N. Feinberg & Co., Law Office

About the Firm

N. Feinberg & Co., Law Office, was founded in 1973. It is Israel’s leading labour law firm and specialises in the representation of employers.

The legal services that we provide to our customers extend over the whole range of labour law, including the provision of routine advice, the preparation of legal opinions, the representation of employers in proceedings concerning collective and personal labour relations, litigation in the labour courts, the preparation of personal contracts of employment and collective labour agreements, backing collective negotiations and more.

Our clients include a long list of many of the country’s largest Israeli and international employers. Amongst others, we are retained by Israel’s largest financial corporations, communications companies, newspapers, statutory corporations, local authorities and other government and public companies. We also act for numerous industrial companies, international hi-tech companies, and pharmaceutical, food, transport, aviation and public utility companies.
The majority of the firm’s clients work with us on the basis of long-term retainers. A large proportion of our clients have been represented by us for many years. Alongside these old clients, the firm represents many others, including those who instruct us to deal with cases that are of particular legal or financial importance, and also other clients who have chosen to join the ranks of our diverse client base and now also retain us.

The experience and reputation that we have accumulated over the years have made us one of the leading firms in the sphere and according to Dun & Bradstreet Israel [1] we are the only one of Israel’s 50 largest law offices that specialises solely in labour law. Adv. Feinberg is one of Israel’s most highly experienced and respected specialists in labour law and has been highly acclaimed by numerous entities in the Israeli economy.

Numerous disputes that have been the subject of legal precedents are milestones not only in the history of the office but also in Israeli labour law.

Thus, for example, mention may be made of the labour dispute between the management of the Haaretz newspaper and the Journalists Association, which paved the way for the employment of journalists on personal contracts; the Amit case [2], in which the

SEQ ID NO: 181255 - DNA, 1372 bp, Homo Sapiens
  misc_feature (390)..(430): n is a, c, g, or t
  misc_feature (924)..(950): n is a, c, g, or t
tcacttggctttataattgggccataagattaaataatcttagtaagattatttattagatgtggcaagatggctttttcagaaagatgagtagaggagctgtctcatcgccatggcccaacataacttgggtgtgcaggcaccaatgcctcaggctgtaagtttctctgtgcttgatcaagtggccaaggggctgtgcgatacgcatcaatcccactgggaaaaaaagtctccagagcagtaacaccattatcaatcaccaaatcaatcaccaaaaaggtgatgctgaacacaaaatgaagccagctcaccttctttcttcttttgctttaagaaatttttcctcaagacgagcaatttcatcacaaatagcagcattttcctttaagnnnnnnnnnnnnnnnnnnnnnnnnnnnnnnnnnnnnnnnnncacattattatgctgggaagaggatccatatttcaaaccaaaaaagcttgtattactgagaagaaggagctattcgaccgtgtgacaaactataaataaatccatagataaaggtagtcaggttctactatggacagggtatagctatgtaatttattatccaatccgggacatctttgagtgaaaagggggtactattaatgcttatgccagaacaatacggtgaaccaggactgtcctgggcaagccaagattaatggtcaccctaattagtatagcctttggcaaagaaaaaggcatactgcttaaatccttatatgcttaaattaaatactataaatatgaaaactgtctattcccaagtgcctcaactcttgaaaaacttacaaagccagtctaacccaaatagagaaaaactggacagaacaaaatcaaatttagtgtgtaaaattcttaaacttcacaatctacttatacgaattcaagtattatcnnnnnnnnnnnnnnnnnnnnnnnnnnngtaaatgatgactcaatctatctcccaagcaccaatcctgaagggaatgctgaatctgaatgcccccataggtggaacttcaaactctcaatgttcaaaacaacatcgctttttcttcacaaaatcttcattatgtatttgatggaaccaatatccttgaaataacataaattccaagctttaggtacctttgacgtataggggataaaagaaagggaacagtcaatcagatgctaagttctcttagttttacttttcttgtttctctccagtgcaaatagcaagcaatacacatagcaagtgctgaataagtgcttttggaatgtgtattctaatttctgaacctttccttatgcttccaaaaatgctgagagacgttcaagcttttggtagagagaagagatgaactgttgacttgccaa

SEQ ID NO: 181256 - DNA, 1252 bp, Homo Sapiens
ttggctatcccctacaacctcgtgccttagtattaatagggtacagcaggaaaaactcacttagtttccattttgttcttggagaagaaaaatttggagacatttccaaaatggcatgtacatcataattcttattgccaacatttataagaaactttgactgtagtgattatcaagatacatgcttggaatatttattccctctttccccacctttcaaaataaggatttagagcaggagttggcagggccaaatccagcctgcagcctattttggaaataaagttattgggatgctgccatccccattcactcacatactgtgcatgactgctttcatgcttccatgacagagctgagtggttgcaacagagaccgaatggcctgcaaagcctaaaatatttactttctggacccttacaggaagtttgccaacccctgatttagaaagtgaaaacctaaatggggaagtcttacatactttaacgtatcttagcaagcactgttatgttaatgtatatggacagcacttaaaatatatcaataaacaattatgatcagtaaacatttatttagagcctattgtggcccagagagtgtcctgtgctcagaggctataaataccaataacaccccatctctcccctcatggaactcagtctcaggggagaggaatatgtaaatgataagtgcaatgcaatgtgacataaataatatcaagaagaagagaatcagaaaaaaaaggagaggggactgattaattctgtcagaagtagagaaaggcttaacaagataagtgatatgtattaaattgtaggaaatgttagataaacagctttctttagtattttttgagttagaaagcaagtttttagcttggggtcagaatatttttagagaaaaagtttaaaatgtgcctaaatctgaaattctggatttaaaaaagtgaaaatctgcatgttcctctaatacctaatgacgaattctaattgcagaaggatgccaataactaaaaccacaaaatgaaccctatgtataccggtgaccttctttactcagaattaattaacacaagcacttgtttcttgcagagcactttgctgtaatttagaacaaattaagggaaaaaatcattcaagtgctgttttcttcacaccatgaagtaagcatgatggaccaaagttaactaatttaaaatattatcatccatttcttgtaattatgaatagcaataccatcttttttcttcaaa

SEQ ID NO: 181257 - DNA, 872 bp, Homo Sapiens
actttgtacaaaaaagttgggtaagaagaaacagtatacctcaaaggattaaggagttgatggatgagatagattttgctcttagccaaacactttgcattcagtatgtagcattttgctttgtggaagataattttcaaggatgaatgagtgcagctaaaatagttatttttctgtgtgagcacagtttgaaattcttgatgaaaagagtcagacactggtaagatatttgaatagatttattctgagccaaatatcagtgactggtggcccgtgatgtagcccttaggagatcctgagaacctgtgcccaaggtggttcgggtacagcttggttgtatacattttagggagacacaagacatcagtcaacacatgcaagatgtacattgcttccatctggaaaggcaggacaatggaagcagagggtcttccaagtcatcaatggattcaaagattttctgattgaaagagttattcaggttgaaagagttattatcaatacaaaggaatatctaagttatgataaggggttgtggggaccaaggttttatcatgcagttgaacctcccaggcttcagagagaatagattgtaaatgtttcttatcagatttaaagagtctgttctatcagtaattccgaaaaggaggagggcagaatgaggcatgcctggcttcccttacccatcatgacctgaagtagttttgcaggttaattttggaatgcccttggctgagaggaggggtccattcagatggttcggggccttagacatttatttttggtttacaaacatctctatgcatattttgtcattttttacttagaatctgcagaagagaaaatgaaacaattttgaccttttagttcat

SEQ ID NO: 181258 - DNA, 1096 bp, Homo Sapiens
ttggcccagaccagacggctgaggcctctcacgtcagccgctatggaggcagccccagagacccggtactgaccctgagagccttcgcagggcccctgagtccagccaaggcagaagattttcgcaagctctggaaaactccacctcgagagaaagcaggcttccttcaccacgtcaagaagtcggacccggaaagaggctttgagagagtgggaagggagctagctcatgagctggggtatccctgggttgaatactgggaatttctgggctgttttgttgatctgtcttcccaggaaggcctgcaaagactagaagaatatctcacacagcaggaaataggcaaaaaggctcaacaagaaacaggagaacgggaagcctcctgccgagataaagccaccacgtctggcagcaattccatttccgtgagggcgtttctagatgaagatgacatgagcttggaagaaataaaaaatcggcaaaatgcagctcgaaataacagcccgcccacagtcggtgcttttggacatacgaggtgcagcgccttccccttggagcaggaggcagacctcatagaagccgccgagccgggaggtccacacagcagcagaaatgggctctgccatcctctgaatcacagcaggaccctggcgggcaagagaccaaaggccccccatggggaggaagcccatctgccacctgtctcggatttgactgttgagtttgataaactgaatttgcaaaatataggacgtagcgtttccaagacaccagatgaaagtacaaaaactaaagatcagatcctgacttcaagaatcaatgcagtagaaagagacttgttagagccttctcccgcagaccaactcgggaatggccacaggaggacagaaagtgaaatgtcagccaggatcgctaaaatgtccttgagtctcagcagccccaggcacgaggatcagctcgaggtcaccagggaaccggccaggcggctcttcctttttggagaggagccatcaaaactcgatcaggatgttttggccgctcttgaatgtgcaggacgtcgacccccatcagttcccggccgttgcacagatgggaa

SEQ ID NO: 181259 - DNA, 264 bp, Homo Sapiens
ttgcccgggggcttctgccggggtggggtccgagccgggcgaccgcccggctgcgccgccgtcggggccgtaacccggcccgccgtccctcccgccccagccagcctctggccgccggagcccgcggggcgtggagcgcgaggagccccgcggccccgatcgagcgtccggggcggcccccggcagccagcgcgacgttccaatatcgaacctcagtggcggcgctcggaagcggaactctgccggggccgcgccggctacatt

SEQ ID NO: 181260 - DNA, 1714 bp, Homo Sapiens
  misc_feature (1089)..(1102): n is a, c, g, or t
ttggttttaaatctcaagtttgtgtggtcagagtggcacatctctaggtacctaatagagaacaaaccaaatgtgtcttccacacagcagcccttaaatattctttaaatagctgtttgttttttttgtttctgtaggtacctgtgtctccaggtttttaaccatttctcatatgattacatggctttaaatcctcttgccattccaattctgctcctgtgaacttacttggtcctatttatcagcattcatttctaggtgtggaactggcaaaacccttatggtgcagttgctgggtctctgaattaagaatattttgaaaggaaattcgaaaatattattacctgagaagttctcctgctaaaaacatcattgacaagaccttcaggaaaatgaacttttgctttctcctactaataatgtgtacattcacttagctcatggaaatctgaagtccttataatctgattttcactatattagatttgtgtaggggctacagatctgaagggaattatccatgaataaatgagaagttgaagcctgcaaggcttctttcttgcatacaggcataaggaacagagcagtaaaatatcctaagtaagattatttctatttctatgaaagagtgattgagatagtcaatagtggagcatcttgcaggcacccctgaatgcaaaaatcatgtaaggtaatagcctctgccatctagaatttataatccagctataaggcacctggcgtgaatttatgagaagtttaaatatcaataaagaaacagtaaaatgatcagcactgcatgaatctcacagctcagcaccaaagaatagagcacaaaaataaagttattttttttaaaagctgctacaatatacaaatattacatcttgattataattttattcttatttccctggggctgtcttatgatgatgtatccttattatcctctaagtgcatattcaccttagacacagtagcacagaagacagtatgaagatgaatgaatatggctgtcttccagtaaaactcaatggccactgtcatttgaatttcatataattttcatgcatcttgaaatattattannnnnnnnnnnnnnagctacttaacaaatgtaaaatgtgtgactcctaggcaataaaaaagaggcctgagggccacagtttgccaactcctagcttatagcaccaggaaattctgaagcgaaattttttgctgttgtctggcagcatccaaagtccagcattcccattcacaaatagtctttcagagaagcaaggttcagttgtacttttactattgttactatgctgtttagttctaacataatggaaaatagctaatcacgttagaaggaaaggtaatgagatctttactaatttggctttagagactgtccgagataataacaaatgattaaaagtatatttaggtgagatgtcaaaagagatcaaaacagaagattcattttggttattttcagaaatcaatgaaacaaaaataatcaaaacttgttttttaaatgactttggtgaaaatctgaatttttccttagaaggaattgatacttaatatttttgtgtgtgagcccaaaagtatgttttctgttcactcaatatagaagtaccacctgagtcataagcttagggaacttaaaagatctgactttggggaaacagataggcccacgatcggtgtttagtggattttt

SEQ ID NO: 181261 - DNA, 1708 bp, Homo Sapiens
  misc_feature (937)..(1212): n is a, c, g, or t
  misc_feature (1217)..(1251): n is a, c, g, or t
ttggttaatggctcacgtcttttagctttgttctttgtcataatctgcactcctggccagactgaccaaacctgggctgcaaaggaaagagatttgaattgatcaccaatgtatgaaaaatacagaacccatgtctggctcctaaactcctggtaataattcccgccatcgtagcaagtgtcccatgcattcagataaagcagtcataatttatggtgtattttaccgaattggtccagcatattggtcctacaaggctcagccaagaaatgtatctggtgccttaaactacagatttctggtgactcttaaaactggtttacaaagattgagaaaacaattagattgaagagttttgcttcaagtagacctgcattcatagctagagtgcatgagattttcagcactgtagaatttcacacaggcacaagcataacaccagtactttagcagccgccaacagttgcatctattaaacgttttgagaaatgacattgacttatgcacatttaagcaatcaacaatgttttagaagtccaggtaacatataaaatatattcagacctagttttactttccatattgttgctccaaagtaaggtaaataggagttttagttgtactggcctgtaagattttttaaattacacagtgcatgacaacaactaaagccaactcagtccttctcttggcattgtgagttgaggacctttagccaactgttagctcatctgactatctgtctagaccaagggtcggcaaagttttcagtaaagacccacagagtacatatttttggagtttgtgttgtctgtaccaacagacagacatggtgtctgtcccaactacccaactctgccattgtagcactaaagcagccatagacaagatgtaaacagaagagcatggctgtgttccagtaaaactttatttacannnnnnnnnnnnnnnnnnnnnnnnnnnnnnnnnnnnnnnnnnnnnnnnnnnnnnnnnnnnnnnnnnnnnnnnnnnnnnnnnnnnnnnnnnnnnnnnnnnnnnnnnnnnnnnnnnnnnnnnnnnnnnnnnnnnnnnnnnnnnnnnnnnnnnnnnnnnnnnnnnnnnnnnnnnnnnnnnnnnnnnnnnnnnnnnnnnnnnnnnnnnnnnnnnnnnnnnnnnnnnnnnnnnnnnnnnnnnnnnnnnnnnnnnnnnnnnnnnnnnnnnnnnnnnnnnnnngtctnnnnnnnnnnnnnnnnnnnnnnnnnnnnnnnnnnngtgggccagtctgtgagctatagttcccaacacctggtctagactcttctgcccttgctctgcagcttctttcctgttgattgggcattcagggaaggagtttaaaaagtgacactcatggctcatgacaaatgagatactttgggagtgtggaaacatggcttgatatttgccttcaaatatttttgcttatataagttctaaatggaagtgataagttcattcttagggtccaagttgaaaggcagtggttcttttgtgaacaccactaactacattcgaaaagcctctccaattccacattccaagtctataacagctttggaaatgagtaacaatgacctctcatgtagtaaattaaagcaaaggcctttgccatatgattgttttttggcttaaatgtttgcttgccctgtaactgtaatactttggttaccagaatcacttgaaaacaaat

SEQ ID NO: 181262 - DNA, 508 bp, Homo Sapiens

Supreme Court held that Amit, founded by the Maccabi Health Maintenance Organisation, is not a trade union; the Elco case [3], in which the National Labour Court prescribed the organs who are authorised to sign collective agreements in the name of the Histadrut; the High Court of Justice case of Gonik v. The Ports Authority [4], involving the interpretation of collective agreements and the weight of the parties’ behaviour for that purpose, as well as the distinction between statutory and contractual rights; the case of the Airports Authority v. Zwili et al. [5], in which the High Court of Justice laid down ground rules with regard to the retroactive effect of a collective agreement’s approval in accordance with the Hours of Work and Rest Law; the case of Shazifi [6], in which the High Court of Justice held that an employee whose whole wage is paid in the form of commission is entitled to his wages being made up to the statutory minimum wage each month, although the employer may deduct the supplement from the employee’s commission in the following months; the Koren case [7], in which the High Court of Justice held that there is no statutory duty automatically to include the element of tax that has been grossed up in the regular wage for severance pay; the case of PEI [8], in which the National Labour Court upheld the legality of using an Ituran tracking device in order to monitor workers’ presence in the workplace... And, as mentioned above, these are just a few examples of dozens of important judgments that have set labour law precedents in which we have been involved over the years.

Our firm also specialises in advising and backing major corporations, including statutory and government companies, in all the labour law aspects associated with corporate restructuring. Thus, for example, in recent years we acted in the transition of Rafael Advanced Defence Systems from its status as a sub-division of the Israeli Ministry of Defence to an independent company (in 2002), the major reorganisation made by Bank Hapoalim, including the dismissal of staff and also Mishkan Bank’s merger with it (in 2003). The office also dealt with the separation of Israel Railways from the Ports Authority (in 2003), the merger of Tefahot Bank with United Mizrahi Bank (in 2004-2005), the division of the Ports Authority into four government companies (in 2005), the privatisation of Israel Discount Bank (2005), the privatisation of Mercantile Discount Bank (in 2005), the privatisation of Bank Leumi Le-Israel (in 2005), the acquisition of ClubMarket by Super-Sol (in 2005), the transition of the Postal Authority to a company (2006) and the sale of Bank Massad (2008).

Our firm takes part in a wide range of activity associated with the development and assimilation of labour law, including in the context of the Israeli Labour Law and Social Security Association and the events that it organises, writing articles, giving lectures, holding seminars and training sessions etc.

The firm’s “graduates” include Labour Court judges around the country, labour law advisers and numerous advocates in the private market.

The firm’s services are provided in both Hebrew and English.